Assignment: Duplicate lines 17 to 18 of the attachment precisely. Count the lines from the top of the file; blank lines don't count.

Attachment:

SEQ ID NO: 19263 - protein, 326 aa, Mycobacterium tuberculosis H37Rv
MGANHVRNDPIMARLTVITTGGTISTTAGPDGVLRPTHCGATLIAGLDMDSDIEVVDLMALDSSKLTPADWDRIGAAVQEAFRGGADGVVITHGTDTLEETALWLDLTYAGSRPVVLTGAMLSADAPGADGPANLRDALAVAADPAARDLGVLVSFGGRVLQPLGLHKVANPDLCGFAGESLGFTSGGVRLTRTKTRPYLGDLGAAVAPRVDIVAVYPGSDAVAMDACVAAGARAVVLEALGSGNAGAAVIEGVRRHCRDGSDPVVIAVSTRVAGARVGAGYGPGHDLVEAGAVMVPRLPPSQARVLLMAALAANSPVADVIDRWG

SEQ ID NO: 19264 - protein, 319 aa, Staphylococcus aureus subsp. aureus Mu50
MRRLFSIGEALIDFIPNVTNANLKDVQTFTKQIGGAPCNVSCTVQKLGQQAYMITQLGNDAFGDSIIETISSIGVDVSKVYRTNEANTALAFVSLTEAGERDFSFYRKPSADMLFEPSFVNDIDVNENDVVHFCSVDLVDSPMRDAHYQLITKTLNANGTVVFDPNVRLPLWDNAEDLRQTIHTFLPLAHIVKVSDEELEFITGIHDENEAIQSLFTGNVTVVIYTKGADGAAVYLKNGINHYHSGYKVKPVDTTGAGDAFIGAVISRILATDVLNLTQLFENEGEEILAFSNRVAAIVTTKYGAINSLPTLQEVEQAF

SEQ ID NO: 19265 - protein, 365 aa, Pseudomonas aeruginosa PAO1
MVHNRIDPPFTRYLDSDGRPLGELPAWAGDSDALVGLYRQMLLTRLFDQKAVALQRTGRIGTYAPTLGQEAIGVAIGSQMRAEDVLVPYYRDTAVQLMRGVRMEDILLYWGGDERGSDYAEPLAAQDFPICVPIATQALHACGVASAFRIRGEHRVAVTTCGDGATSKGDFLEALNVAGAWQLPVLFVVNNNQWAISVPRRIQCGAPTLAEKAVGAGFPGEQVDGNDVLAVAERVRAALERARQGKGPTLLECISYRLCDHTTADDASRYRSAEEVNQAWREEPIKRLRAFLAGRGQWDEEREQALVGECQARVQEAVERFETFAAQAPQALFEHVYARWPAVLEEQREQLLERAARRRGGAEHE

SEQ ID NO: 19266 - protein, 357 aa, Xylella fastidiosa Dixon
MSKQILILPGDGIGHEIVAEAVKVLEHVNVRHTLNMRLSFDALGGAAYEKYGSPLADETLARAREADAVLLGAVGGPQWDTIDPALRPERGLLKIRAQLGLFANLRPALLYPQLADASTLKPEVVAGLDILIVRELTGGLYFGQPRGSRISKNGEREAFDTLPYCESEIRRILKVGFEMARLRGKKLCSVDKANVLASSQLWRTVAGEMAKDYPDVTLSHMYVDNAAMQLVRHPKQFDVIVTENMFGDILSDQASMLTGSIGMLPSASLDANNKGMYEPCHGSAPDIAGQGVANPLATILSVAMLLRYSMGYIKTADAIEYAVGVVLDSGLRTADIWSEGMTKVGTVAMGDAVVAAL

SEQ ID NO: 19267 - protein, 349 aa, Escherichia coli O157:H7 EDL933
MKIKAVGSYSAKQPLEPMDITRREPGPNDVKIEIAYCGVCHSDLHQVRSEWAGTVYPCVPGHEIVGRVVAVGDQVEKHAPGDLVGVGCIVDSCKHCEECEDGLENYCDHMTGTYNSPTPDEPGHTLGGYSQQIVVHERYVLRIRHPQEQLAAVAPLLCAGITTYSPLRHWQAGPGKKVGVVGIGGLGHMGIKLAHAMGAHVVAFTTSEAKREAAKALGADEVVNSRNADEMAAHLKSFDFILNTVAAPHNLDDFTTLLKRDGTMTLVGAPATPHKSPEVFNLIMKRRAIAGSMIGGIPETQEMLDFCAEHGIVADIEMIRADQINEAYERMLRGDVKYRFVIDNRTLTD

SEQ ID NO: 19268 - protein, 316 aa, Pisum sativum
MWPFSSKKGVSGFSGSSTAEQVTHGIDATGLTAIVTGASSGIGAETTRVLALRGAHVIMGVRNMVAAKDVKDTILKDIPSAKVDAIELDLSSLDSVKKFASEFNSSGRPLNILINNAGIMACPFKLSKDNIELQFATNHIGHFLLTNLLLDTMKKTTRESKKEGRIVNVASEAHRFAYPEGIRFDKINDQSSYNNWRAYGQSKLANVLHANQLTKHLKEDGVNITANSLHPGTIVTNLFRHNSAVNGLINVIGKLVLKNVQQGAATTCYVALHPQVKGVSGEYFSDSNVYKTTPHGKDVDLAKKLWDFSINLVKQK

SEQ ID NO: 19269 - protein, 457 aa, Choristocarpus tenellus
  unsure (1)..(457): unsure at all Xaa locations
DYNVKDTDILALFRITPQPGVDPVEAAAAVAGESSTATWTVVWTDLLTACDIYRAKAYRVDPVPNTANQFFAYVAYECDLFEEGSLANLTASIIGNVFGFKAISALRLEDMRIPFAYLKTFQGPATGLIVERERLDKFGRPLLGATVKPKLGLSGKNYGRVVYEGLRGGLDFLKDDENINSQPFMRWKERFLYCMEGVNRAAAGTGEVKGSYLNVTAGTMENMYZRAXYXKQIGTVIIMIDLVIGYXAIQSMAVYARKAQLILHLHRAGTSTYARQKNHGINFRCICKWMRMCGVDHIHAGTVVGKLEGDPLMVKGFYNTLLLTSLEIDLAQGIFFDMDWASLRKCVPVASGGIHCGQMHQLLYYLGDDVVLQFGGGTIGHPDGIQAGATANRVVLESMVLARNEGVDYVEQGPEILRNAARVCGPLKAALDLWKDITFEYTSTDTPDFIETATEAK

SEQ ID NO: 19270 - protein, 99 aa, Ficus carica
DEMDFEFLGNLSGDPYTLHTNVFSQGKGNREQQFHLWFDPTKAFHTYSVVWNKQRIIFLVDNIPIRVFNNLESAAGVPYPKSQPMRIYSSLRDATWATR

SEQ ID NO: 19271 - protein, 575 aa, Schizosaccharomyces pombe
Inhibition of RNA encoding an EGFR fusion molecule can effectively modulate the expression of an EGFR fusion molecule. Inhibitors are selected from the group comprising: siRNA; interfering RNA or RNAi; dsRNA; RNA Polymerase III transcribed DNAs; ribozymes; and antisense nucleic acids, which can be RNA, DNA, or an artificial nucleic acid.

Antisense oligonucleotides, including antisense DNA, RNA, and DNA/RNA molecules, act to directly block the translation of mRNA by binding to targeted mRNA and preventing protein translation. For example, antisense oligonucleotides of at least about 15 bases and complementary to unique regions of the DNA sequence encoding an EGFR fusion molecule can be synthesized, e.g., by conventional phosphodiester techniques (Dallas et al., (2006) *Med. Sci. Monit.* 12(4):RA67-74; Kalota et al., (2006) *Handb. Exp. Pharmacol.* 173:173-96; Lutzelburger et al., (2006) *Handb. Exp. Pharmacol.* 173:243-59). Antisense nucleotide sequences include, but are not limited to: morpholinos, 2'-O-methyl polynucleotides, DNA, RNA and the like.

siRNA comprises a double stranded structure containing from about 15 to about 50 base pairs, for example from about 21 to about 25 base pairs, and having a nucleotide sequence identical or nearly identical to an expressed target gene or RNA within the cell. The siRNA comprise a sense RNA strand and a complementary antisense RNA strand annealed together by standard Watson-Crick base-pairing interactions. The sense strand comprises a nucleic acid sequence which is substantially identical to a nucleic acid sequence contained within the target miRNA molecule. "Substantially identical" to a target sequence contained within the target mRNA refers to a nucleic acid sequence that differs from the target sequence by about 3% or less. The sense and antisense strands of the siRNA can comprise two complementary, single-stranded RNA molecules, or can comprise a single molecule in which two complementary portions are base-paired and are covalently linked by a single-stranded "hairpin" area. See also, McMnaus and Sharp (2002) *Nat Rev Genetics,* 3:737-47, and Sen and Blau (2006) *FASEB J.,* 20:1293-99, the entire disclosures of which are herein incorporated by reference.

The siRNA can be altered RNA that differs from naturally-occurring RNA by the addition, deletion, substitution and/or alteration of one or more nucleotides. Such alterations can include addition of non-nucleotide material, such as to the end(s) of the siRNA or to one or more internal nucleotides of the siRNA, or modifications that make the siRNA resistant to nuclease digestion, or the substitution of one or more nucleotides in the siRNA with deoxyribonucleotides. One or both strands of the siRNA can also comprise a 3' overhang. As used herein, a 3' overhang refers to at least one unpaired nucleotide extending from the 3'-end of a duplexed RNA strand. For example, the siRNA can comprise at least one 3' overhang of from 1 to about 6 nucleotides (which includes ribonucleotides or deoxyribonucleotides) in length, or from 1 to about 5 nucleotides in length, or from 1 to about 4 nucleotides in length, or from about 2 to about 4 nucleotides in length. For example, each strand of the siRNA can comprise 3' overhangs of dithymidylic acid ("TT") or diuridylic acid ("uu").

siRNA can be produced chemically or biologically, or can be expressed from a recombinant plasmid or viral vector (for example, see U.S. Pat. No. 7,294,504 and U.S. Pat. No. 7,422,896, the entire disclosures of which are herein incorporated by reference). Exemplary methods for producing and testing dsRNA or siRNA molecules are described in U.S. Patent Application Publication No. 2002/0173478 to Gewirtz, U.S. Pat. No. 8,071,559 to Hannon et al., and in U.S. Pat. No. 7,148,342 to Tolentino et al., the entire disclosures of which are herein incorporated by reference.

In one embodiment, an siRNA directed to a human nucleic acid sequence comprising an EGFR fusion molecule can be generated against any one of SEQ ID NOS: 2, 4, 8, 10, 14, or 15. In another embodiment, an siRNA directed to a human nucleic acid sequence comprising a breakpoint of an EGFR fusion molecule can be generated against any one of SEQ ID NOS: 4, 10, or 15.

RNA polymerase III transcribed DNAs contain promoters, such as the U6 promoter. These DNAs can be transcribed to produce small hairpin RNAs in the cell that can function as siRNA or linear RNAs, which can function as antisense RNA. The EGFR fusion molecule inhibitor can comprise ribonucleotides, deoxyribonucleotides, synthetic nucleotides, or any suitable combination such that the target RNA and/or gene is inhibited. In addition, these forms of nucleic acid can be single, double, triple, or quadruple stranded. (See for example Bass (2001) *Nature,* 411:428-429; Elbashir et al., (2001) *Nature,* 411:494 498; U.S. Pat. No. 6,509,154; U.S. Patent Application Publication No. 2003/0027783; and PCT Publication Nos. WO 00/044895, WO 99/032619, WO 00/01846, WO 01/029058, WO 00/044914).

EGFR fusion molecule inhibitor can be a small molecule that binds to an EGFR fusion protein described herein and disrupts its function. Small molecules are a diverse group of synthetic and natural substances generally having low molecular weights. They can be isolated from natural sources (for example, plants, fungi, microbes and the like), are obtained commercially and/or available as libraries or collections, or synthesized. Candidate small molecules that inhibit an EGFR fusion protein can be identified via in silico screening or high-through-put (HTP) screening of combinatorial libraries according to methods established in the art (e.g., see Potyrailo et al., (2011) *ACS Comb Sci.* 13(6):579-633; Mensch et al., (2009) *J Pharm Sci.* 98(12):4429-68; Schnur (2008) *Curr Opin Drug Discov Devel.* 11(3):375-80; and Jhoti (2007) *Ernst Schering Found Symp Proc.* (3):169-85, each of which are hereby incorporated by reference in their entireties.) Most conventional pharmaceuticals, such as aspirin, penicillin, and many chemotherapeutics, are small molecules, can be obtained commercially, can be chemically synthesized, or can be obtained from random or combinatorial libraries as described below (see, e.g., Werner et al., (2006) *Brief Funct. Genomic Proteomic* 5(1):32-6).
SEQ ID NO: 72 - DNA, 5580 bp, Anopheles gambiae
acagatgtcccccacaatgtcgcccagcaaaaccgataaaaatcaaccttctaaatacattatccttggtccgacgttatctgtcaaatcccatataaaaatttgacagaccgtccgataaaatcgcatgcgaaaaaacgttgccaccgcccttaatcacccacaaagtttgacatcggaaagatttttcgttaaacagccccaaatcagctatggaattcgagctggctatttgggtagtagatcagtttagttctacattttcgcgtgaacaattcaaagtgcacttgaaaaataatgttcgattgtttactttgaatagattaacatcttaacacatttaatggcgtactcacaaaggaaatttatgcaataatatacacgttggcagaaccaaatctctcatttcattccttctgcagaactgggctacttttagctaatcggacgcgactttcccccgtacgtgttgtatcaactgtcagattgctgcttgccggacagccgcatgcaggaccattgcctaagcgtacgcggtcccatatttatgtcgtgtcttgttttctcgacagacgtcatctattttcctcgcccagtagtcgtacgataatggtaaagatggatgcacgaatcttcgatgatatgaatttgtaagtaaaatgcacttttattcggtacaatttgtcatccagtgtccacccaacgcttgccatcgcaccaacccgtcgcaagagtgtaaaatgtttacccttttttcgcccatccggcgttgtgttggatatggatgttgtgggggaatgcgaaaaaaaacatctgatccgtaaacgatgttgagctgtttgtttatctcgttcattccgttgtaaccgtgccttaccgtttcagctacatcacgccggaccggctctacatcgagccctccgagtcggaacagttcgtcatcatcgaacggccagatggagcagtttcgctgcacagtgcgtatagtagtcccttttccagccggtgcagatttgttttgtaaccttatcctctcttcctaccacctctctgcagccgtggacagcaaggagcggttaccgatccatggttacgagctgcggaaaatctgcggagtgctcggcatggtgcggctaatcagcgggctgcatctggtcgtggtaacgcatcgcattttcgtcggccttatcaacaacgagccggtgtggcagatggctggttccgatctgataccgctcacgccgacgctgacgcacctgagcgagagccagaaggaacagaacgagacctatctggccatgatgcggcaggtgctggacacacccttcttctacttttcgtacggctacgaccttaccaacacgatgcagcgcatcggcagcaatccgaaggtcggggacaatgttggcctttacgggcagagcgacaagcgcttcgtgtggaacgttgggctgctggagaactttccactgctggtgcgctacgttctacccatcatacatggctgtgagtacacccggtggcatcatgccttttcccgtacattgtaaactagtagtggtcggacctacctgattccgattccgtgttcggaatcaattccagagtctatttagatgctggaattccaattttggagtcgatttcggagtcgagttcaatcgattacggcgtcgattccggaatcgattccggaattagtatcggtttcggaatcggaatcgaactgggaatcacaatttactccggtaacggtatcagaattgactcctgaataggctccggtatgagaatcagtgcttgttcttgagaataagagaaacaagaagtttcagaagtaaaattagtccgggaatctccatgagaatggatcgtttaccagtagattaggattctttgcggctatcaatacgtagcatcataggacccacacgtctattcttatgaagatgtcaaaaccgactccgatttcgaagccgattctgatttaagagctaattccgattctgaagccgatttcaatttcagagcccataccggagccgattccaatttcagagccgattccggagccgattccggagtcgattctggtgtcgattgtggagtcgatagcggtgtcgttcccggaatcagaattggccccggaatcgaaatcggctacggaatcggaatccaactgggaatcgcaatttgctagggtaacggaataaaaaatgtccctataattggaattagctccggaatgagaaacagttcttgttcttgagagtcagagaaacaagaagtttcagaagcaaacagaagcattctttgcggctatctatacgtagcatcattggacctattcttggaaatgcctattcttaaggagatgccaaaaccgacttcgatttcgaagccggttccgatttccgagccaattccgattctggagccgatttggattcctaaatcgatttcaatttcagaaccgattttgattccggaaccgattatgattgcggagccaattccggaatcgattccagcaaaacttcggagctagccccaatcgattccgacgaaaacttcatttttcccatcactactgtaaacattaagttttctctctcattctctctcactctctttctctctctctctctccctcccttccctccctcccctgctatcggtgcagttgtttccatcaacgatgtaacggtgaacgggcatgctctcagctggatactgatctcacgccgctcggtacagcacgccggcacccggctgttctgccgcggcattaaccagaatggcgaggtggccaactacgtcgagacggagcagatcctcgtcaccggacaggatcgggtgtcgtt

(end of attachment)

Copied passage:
DEMDFEFLGNLSGDPYTLHTNVFSQGKGNREQQFHLWFDPTKAFHTYSVVWNKQRIIFLVDNIPIRVFNNLESAAGVPYPKSQPMRIYSSLRDATWATR

SEQ ID NO: 19271 - protein, 575 aa, Schizosaccharomyces pombe